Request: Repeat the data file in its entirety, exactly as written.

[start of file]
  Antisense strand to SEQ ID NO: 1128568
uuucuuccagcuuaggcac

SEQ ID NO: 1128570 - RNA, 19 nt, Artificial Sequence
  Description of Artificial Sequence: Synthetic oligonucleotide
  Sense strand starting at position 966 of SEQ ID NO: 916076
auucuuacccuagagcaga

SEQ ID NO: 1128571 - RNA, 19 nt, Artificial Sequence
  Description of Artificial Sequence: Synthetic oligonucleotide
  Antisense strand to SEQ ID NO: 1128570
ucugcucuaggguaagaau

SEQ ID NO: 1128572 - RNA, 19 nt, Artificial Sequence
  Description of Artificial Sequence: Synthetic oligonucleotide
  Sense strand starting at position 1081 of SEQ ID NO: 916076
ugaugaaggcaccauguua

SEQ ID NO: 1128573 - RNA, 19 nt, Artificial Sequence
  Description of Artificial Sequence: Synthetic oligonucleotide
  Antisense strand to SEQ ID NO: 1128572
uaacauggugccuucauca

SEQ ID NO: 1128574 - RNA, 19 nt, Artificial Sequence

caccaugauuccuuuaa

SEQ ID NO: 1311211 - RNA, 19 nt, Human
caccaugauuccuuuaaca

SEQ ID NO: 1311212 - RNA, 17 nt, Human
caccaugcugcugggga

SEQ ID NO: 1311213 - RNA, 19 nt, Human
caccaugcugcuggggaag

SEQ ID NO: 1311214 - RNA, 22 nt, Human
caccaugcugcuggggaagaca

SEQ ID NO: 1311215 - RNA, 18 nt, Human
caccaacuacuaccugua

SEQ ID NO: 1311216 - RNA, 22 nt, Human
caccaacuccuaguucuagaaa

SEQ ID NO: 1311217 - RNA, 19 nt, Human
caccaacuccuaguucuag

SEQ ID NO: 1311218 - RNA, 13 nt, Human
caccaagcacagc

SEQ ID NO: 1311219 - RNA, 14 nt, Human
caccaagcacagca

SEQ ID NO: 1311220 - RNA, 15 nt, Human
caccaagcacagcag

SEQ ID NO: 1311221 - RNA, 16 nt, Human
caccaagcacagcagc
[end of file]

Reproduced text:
  Antisense strand to SEQ ID NO: 1128568
uuucuuccagcuuaggcac

SEQ ID NO: 1128570 - RNA, 19 nt, Artificial Sequence
  Description of Artificial Sequence: Synthetic oligonucleotide
  Sense strand starting at position 966 of SEQ ID NO: 916076
auucuuacccuagagcaga

SEQ ID NO: 1128571 - RNA, 19 nt, Artificial Sequence
  Description of Artificial Sequence: Synthetic oligonucleotide
  Antisense strand to SEQ ID NO: 1128570
ucugcucuaggguaagaau

SEQ ID NO: 1128572 - RNA, 19 nt, Artificial Sequence
  Description of Artificial Sequence: Synthetic oligonucleotide
  Sense strand starting at position 1081 of SEQ ID NO: 916076
ugaugaaggcaccauguua

SEQ ID NO: 1128573 - RNA, 19 nt, Artificial Sequence
  Description of Artificial Sequence: Synthetic oligonucleotide
  Antisense strand to SEQ ID NO: 1128572
uaacauggugccuucauca

SEQ ID NO: 1128574 - RNA, 19 nt, Artificial Sequence

caccaugauuccuuuaa

SEQ ID NO: 1311211 - RNA, 19 nt, Human
caccaugauuccuuuaaca

SEQ ID NO: 1311212 - RNA, 17 nt, Human
caccaugcugcugggga

SEQ ID NO: 1311213 - RNA, 19 nt, Human
caccaugcugcuggggaag

SEQ ID NO: 1311214 - RNA, 22 nt, Human
caccaugcugcuggggaagaca

SEQ ID NO: 1311215 - RNA, 18 nt, Human
caccaacuacuaccugua

SEQ ID NO: 1311216 - RNA, 22 nt, Human
caccaacuccuaguucuagaaa

SEQ ID NO: 1311217 - RNA, 19 nt, Human
caccaacuccuaguucuag

SEQ ID NO: 1311218 - RNA, 13 nt, Human
caccaagcacagc

SEQ ID NO: 1311219 - RNA, 14 nt, Human
caccaagcacagca

SEQ ID NO: 1311220 - RNA, 15 nt, Human
caccaagcacagcag

SEQ ID NO: 1311221 - RNA, 16 nt, Human
caccaagcacagcagc